The terms “obscene” and “libelous” are defined according to current legal standards, not the principal’s opinion of what is obscene or libelous. Contact a civil liberties group regarding current legal definitions. To “advocate breaking the law or school rules” means encouraging students to commit an immediate unlawful act on school grounds or to break lawful school regulations. “Disruption” of the school means a substantial disruption of the orderly operation of the school. Creating controversy is not disruptive by itself. Furthermore, a violent threat from someone who disagrees with you would not be justification for censoring you, unless your words were deliberately designed to provoke a fight. The school must protect your right of expression first and should control anyone who threatens to deprive you of it.

Leaving flyers or petitions around to be picked up, or leaving them on the windshields of cars, as opposed to handing them to people, may violate your school district rules or local laws by causing a litter problem. However, students should know that they are only responsible for litter that they create themselves. If a leafletter hands someone a leaflet, and that person later throws it on the ground, the school cannot legally hold the leafletter responsible or ban leafletting because of it. If you are asked to clean up leaflets that others have dropped, even though you are not responsible for them, there are reasons you might want to offer to pick them up: in order to keep those leaflets from being wasted, in order to demonstrate good will, or because you don’t like to see litter yourself. However, if the administration uses the litter issue as a form of harassment, you might want to refuse to pick them up.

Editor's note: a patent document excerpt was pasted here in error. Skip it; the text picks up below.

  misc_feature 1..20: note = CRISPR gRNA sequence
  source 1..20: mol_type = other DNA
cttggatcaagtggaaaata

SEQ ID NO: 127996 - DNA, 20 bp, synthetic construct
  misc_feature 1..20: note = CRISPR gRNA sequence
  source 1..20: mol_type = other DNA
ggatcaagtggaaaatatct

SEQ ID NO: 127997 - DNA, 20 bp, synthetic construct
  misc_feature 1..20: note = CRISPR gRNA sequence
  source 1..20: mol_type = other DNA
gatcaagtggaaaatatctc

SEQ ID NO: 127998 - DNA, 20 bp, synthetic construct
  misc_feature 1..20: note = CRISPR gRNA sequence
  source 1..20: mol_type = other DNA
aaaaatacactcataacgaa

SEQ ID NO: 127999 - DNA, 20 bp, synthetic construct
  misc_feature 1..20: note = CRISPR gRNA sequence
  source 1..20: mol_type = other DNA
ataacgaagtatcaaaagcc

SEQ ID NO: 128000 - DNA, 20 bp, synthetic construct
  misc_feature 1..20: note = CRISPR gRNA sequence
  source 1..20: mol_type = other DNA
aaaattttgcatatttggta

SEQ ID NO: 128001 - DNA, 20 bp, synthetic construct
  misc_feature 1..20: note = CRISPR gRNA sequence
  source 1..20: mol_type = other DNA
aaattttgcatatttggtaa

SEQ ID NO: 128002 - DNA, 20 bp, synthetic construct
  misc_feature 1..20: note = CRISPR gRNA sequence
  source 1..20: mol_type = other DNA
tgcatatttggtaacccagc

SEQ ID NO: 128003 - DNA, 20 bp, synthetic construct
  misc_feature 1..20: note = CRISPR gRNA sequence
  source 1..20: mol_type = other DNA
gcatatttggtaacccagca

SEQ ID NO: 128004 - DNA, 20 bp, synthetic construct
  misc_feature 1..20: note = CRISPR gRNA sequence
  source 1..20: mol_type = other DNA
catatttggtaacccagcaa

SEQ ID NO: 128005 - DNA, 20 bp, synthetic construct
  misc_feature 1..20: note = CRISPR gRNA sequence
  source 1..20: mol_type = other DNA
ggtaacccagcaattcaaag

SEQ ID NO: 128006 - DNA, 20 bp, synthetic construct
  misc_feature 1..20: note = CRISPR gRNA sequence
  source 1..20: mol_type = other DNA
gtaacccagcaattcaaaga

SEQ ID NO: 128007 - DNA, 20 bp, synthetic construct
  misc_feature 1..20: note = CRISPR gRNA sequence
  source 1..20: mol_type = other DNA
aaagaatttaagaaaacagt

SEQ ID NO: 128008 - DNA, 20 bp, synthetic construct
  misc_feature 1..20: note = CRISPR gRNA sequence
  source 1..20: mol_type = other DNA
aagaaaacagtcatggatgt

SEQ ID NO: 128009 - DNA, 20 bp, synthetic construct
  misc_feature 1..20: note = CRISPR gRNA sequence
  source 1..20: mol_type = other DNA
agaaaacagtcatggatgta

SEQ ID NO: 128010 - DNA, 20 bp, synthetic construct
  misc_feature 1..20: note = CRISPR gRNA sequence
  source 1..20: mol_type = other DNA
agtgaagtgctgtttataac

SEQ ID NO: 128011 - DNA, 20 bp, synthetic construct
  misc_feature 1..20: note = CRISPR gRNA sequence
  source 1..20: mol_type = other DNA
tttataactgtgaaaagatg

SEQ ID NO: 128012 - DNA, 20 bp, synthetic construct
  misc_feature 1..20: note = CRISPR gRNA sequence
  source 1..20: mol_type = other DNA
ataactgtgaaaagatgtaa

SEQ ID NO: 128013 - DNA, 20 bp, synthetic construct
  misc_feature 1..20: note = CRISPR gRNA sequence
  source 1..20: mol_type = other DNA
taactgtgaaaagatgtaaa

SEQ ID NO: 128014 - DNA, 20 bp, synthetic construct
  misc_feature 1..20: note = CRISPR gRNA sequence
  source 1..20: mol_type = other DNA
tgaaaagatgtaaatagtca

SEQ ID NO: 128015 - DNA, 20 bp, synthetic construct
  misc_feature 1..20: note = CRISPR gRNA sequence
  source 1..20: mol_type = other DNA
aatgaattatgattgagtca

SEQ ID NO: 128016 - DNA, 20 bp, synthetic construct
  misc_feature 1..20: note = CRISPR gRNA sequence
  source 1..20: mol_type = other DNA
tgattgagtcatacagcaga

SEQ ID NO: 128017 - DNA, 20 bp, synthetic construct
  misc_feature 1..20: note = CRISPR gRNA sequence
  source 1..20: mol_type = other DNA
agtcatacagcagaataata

Telling the Administration Ahead of Time
The school administration may have a legal right to see the literature and to know where and when you wish to distribute it ahead of time. This is so they can see if it would violate any of the guidelines mentioned above and, if so, warn you about it. It’s a good idea to give it to the principal at least one day before you plan to distribute it. Some schools may try to discipline you just for not doing this, regardless of what was in the literature. If the principal believes the material is obscene, libelous or would cause a substantial disruption of the school, or if your activity is not planned for the times and places that are spelled out in school policy, the principal is supposed to warn you that you could be disciplined if you go ahead with it. You CANNOT legally be disciplined just because the administration doesn’t like the message in the material, or because they want to avoid controversy. Even if you are warned that you might be disciplined for distributing the material, you might want to go ahead with it anyway, but it is advisable to get an outside legal opinion before you do this. Some people argue that any restraint on free speech is unacceptable, and the authors of this leafletting guide do not necessarily disagree. The point we are making here is that First Amendment rights of high school students are guaranteed up to a certain point. We are not telling you that you should never challenge the limits you are given, but only what those legal limits are.